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Some of the items at the Silver Vaults celebrating the arrival of the Royal baby. From left to right: a modern silver tumbler cup from John Hamilton; a chased sterling silver mug by John Charles Edington, London 1854, £685 from William Walter, and a sterling silver rattle with mother-of-pearl handle, Birmingham 1919, £325 from Linda Jackson. In the foreground is a Regency silver and coral, bells and whistle rattle by Mary Ann Crosswell, 1822, £1150 from William Walter.

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Security, of course, was paramount in the new vaults' design and each is housed behind a foot-thick bank vault-type door, three storeys underground. Today, several of the 27 resident dealers are third-generation traders here and, although cosseted away off Chancery Lane, the whereabouts of this London institution must be known by London cabbies to pass 'the knowledge'.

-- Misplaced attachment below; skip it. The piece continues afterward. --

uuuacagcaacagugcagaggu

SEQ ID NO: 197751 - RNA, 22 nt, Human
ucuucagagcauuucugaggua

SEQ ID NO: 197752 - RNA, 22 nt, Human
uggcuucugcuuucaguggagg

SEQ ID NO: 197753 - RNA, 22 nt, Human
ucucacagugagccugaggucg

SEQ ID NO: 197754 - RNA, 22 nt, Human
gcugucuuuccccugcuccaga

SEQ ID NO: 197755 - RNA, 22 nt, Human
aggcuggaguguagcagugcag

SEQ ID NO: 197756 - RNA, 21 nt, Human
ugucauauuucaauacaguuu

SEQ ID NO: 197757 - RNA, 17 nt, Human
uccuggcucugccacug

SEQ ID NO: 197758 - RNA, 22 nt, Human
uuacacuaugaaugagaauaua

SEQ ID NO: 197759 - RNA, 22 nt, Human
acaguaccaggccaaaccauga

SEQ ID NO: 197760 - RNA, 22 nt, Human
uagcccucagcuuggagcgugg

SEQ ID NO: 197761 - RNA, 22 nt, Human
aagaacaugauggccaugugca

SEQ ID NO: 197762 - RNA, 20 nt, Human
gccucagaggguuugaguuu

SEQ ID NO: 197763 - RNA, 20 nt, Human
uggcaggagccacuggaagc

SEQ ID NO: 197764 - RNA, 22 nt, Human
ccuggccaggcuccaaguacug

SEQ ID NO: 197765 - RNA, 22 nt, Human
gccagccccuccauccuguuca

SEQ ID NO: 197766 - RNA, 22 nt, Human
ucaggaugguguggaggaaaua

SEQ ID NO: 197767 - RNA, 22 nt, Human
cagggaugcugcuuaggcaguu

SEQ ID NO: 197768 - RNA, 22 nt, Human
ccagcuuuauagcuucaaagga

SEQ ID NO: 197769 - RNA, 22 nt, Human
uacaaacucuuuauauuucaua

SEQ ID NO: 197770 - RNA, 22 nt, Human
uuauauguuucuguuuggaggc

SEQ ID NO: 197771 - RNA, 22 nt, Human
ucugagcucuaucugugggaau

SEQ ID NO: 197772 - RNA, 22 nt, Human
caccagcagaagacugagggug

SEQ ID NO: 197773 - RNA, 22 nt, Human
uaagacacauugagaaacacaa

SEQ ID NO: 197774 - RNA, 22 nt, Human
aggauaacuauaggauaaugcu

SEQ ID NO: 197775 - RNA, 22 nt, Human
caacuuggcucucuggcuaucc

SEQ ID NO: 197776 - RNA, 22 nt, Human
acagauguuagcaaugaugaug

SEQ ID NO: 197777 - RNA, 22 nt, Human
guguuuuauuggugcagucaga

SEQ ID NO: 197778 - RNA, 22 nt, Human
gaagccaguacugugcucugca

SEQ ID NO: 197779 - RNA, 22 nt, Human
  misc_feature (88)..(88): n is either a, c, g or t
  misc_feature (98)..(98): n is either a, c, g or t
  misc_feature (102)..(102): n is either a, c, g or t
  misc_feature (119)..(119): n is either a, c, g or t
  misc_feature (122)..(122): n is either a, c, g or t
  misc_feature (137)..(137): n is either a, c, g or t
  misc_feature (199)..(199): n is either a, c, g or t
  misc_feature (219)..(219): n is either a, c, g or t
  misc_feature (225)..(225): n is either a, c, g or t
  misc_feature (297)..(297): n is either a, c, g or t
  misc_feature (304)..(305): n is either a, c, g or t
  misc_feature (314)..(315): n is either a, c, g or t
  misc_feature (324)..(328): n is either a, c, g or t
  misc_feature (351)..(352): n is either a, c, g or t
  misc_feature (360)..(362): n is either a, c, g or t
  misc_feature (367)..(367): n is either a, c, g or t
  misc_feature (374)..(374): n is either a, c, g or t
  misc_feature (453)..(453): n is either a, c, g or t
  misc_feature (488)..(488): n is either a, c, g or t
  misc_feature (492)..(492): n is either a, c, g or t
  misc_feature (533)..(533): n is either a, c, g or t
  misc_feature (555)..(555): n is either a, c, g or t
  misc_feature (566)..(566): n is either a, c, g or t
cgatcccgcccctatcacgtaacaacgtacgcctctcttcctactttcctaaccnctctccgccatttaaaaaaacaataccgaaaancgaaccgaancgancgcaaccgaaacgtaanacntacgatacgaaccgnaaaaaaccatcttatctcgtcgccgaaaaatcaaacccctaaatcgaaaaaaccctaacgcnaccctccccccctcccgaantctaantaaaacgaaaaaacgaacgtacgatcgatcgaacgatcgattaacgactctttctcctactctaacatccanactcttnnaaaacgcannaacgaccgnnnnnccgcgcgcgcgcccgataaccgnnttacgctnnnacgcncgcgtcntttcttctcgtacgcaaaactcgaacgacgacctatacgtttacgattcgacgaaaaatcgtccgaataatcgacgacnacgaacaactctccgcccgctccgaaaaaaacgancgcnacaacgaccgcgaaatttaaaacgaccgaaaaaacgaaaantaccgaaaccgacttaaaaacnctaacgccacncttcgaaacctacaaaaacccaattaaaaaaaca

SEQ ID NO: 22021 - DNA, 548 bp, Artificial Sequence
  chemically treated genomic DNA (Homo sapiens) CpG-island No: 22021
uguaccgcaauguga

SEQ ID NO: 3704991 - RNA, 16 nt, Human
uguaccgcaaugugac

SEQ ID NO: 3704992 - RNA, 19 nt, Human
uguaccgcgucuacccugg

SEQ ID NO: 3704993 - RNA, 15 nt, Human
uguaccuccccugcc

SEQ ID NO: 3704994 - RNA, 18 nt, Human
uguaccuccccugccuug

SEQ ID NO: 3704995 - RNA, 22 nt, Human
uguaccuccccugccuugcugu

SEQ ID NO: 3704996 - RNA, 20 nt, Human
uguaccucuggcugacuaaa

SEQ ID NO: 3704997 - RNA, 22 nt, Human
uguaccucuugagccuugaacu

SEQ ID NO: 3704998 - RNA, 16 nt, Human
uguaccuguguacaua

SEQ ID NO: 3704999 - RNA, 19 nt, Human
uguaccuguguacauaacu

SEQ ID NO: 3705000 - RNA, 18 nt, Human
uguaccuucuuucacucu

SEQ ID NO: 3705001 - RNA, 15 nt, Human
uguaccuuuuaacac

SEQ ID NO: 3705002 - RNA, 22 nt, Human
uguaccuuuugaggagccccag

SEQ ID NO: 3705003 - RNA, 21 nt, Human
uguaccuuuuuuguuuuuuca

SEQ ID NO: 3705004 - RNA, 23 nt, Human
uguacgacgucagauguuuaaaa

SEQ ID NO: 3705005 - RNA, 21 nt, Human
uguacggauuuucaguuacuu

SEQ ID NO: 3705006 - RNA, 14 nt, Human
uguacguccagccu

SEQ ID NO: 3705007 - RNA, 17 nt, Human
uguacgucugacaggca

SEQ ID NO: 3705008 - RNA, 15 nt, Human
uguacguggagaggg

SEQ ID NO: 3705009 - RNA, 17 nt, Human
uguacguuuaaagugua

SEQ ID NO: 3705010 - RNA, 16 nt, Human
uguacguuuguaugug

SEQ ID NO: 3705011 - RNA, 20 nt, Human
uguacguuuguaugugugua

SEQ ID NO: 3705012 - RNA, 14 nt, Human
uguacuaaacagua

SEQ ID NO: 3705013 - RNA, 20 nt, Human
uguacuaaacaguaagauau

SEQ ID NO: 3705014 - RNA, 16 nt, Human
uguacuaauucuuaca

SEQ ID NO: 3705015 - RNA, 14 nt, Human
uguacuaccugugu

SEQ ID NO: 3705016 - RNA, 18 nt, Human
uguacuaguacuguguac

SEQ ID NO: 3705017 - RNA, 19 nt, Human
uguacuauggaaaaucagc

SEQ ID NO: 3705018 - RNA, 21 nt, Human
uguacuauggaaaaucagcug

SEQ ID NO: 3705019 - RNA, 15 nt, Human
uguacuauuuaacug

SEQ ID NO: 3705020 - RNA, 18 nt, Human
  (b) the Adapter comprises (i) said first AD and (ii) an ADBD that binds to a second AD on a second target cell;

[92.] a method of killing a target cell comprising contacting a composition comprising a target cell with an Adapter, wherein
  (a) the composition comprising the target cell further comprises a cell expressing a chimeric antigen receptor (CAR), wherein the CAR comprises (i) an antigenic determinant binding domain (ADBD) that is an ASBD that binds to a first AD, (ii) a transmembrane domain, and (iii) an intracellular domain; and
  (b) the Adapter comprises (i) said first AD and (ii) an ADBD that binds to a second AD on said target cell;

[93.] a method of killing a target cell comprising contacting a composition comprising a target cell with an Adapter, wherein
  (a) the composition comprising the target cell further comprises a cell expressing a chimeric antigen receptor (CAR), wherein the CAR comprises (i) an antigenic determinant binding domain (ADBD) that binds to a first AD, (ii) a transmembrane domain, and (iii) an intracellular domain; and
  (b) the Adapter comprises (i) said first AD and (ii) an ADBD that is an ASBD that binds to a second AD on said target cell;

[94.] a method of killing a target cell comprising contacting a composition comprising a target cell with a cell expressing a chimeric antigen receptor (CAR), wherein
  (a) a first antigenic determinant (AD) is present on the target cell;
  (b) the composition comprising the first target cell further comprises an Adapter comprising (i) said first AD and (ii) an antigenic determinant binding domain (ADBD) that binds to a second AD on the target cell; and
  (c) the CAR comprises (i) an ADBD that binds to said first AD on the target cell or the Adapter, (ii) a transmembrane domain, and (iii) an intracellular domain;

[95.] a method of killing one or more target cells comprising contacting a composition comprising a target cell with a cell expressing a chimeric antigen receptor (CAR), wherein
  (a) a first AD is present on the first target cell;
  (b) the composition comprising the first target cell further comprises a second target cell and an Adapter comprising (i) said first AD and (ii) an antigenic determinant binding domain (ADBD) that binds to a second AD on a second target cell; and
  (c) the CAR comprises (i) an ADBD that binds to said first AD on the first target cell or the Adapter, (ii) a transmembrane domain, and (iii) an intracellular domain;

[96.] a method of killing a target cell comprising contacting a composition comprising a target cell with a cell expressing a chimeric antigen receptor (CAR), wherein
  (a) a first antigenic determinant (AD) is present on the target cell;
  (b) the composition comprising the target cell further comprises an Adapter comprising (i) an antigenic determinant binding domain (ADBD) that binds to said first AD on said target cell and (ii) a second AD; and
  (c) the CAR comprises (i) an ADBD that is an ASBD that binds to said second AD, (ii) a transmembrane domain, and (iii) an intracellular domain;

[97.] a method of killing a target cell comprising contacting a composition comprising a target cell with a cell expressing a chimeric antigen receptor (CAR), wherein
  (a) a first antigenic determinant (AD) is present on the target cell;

To celebrate its 60th anniversary, the vaults are holding a few events this summer, continuing to the end of October. Currently on view is a picture exhibition charting the vaults' history from its early days in the 1950s, including a drawing by Ronald Searle published in 1959 by the BBC which depicts the main shopping 'street' with silver piled high on tables outside each vault, before they were converted into shops.

Selling Exhibition

A prize draw to win £1000 to spend at the shops is also running over the summer (closing on October 31) alongside a selling exhibition of silver and jewellery, with themed cabinets containing pieces selected from the dealers' stock.

Inevitably, even three storeys underground, there's still no escaping Royal Baby Fever and one of the themes is special occasions, containing a stash of christening gifts. Picturedhere, are some of the items at the Silver Vaults celebrating the arrival of the Royal baby.